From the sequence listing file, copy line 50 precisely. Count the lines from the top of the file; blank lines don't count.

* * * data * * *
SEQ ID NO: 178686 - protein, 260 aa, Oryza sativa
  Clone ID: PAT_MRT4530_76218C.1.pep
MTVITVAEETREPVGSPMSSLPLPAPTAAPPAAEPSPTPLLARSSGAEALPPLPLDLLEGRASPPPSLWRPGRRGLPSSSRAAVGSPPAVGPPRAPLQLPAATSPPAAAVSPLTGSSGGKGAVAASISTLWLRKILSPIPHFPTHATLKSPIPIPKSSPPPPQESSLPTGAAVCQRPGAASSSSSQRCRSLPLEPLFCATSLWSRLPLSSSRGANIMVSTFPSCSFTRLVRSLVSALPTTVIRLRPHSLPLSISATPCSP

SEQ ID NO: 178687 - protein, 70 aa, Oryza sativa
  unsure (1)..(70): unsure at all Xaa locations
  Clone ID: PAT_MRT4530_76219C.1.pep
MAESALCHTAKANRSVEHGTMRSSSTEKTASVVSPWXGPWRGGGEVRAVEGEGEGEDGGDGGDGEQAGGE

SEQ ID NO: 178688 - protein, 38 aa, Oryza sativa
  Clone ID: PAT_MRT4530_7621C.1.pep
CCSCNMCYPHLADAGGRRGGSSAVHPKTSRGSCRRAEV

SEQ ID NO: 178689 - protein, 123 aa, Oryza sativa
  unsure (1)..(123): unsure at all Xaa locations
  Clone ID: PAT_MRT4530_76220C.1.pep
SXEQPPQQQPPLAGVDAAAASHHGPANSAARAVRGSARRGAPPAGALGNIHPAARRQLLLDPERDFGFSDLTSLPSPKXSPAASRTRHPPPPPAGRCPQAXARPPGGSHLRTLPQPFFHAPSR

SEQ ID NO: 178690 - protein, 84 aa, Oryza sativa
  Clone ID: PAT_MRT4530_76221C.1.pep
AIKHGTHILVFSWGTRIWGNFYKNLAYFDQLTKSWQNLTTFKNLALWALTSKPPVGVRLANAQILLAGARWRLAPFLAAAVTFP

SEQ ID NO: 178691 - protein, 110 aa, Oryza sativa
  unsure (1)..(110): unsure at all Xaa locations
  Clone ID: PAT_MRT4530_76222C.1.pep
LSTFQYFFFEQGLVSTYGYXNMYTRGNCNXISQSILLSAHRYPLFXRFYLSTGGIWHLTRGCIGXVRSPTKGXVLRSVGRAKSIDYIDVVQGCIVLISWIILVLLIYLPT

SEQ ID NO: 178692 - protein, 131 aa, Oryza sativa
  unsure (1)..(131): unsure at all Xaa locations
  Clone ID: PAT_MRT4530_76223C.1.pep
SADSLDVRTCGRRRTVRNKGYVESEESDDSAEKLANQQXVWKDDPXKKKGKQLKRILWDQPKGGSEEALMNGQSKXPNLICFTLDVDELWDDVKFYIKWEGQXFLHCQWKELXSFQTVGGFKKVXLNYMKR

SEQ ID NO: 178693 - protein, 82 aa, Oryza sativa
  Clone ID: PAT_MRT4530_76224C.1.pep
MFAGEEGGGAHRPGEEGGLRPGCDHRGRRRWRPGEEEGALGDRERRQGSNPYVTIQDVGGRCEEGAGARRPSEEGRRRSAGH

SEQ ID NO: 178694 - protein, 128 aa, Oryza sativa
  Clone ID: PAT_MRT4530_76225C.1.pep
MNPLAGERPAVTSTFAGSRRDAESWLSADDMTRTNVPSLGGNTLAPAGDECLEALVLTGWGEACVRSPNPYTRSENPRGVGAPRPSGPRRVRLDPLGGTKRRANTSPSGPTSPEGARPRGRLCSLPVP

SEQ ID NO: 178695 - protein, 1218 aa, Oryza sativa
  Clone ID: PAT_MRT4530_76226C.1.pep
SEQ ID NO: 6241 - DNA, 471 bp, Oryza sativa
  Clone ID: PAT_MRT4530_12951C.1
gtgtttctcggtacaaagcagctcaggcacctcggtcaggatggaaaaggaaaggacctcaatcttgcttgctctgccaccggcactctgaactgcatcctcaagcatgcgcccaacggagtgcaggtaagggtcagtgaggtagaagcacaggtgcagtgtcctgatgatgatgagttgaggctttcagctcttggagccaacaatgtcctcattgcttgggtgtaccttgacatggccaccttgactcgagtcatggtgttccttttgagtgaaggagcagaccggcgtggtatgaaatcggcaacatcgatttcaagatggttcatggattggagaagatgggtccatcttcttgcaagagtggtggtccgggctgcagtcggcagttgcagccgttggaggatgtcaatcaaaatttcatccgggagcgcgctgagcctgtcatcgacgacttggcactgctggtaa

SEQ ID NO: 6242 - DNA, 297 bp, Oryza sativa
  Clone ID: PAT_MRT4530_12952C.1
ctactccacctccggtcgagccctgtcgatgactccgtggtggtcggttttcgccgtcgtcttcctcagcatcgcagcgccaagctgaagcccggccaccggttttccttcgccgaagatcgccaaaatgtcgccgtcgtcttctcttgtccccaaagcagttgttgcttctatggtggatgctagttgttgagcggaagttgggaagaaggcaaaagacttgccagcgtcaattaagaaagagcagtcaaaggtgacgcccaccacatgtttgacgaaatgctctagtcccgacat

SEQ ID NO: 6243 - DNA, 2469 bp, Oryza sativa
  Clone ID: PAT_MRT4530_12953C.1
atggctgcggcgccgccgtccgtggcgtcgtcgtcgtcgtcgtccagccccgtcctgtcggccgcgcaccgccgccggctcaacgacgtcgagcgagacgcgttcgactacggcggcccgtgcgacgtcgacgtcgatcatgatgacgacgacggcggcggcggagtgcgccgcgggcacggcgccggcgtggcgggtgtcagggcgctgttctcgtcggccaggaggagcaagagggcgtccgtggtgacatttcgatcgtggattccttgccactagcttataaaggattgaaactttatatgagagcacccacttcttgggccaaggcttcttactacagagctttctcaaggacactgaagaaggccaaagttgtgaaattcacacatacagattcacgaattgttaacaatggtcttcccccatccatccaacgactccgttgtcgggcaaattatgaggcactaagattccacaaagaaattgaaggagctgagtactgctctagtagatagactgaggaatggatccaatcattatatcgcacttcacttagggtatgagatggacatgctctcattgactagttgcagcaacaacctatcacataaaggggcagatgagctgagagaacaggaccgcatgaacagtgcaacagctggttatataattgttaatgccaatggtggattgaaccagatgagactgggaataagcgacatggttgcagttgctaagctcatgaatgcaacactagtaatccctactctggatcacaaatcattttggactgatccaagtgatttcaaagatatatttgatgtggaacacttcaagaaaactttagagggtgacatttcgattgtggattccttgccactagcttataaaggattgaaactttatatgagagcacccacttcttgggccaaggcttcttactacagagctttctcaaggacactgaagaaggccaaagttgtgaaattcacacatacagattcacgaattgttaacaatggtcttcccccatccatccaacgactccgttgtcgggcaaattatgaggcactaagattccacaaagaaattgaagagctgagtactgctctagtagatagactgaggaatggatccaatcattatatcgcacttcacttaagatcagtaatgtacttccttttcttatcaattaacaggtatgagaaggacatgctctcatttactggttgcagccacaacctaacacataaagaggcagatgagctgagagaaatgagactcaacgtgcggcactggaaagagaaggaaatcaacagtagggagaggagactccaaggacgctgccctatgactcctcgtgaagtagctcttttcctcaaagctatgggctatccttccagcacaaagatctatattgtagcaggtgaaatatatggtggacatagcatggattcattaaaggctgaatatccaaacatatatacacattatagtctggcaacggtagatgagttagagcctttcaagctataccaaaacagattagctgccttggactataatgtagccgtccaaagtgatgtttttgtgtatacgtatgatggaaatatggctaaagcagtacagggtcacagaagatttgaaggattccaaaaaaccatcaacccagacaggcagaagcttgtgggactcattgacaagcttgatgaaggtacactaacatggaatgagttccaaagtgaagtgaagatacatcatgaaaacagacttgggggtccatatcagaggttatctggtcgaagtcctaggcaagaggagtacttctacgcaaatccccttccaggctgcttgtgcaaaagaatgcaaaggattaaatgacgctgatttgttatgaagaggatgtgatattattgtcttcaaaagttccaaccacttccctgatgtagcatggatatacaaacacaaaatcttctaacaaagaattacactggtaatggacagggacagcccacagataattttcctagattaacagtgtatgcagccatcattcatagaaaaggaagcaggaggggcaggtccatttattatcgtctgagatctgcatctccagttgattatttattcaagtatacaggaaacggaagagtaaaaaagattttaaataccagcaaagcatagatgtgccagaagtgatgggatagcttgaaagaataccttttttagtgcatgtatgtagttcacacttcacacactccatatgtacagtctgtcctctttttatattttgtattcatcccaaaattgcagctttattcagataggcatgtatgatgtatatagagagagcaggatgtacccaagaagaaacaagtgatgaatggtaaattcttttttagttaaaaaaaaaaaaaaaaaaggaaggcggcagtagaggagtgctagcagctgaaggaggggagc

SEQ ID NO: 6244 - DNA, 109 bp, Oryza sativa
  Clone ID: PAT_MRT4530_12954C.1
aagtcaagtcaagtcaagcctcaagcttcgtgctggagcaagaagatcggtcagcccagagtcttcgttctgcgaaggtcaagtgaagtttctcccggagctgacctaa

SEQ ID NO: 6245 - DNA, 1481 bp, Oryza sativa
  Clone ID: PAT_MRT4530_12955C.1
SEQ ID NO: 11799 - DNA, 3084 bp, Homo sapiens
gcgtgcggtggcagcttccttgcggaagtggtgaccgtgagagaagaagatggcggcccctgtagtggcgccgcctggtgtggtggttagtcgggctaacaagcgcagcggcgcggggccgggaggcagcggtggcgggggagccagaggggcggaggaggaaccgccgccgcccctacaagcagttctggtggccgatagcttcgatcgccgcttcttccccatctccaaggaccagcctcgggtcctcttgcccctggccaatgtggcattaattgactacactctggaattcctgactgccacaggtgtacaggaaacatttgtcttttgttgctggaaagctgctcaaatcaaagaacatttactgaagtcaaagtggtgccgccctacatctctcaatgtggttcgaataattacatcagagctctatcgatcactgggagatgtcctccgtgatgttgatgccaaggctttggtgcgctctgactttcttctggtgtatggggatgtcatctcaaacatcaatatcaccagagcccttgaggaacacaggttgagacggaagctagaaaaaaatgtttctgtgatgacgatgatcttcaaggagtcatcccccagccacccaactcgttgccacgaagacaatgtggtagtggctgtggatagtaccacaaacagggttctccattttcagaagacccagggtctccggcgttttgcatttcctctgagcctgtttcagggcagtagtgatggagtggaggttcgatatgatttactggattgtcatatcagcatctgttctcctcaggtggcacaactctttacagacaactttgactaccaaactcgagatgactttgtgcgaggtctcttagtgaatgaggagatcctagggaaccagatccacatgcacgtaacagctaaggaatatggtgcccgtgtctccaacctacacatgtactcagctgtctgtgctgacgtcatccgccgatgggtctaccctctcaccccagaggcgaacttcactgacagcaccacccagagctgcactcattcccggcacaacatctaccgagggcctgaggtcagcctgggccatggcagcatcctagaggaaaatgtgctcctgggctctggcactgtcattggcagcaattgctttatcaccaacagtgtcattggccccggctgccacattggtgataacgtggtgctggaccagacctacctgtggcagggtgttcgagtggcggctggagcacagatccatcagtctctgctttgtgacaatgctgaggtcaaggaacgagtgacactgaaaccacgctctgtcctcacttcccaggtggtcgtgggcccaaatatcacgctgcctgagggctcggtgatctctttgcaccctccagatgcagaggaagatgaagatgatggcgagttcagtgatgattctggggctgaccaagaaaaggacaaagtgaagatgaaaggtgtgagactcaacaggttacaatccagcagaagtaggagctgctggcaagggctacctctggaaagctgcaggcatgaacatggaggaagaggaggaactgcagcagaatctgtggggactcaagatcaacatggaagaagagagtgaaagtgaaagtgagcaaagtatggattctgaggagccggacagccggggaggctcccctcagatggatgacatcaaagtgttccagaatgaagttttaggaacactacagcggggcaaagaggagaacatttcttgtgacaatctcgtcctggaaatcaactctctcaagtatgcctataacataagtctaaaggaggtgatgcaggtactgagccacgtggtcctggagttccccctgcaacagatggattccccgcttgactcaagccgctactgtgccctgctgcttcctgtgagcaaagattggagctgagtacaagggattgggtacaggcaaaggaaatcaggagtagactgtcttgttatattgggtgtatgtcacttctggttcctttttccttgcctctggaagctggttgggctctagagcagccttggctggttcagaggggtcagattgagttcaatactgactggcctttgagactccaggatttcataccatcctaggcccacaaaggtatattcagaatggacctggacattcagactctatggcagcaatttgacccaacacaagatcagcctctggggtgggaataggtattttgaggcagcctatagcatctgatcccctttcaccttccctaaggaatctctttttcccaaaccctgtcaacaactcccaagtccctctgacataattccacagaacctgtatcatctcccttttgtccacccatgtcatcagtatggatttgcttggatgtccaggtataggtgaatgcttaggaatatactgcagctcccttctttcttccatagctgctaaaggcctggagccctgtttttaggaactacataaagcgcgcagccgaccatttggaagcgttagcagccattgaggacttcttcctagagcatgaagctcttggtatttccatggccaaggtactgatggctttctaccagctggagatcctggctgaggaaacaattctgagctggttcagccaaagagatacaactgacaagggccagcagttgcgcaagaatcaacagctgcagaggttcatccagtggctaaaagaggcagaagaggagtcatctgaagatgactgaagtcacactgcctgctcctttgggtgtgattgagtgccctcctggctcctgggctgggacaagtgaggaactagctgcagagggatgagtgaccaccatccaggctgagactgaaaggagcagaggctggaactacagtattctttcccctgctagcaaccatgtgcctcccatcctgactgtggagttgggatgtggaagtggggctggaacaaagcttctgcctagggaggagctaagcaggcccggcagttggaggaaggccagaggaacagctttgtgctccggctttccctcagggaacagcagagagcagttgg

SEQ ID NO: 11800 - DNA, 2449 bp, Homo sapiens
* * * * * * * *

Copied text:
SEQ ID NO: 11800 - DNA, 2449 bp, Homo sapiens